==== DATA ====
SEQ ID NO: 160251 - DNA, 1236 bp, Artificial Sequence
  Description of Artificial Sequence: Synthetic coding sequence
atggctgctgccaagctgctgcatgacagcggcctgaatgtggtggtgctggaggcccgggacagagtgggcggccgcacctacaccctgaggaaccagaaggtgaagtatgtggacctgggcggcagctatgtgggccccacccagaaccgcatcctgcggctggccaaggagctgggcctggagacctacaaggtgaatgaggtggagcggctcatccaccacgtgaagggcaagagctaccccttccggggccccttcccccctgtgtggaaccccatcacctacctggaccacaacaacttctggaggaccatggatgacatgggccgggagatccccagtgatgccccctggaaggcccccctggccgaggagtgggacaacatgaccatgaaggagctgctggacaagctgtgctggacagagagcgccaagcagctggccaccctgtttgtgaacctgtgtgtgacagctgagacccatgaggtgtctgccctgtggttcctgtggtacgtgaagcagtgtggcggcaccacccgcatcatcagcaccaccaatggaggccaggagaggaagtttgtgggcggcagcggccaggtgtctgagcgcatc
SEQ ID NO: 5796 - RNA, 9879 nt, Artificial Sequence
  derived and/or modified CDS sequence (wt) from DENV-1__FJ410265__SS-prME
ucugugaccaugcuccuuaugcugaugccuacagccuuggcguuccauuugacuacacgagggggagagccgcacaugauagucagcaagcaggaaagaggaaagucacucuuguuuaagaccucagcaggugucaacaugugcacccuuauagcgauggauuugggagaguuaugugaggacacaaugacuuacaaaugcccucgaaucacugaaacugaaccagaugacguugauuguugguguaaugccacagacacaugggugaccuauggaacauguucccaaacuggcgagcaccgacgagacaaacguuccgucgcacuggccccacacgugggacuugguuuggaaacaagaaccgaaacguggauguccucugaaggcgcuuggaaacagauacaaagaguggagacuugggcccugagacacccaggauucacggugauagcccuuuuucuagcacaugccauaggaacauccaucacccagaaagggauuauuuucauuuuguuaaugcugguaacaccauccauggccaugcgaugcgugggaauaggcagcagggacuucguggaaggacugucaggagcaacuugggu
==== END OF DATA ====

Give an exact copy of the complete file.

SEQ ID NO: 160251 - DNA, 1236 bp, Artificial Sequence
  Description of Artificial Sequence: Synthetic coding sequence
atggctgctgccaagctgctgcatgacagcggcctgaatgtggtggtgctggaggcccgggacagagtgggcggccgcacctacaccctgaggaaccagaaggtgaagtatgtggacctgggcggcagctatgtgggccccacccagaaccgcatcctgcggctggccaaggagctgggcctggagacctacaaggtgaatgaggtggagcggctcatccaccacgtgaagggcaagagctaccccttccggggccccttcccccctgtgtggaaccccatcacctacctggaccacaacaacttctggaggaccatggatgacatgggccgggagatccccagtgatgccccctggaaggcccccctggccgaggagtgggacaacatgaccatgaaggagctgctggacaagctgtgctggacagagagcgccaagcagctggccaccctgtttgtgaacctgtgtgtgacagctgagacccatgaggtgtctgccctgtggttcctgtggtacgtgaagcagtgtggcggcaccacccgcatcatcagcaccaccaatggaggccaggagaggaagtttgtgggcggcagcggccaggtgtctgagcgcatc
SEQ ID NO: 5796 - RNA, 9879 nt, Artificial Sequence
  derived and/or modified CDS sequence (wt) from DENV-1__FJ410265__SS-prME
ucugugaccaugcuccuuaugcugaugccuacagccuuggcguuccauuugacuacacgagggggagagccgcacaugauagucagcaagcaggaaagaggaaagucacucuuguuuaagaccucagcaggugucaacaugugcacccuuauagcgauggauuugggagaguuaugugaggacacaaugacuuacaaaugcccucgaaucacugaaacugaaccagaugacguugauuguugguguaaugccacagacacaugggugaccuauggaacauguucccaaacuggcgagcaccgacgagacaaacguuccgucgcacuggccccacacgugggacuugguuuggaaacaagaaccgaaacguggauguccucugaaggcgcuuggaaacagauacaaagaguggagacuugggcccugagacacccaggauucacggugauagcccuuuuucuagcacaugccauaggaacauccaucacccagaaagggauuauuuucauuuuguuaaugcugguaacaccauccauggccaugcgaugcgugggaauaggcagcagggacuucguggaaggacugucaggagcaacuugggu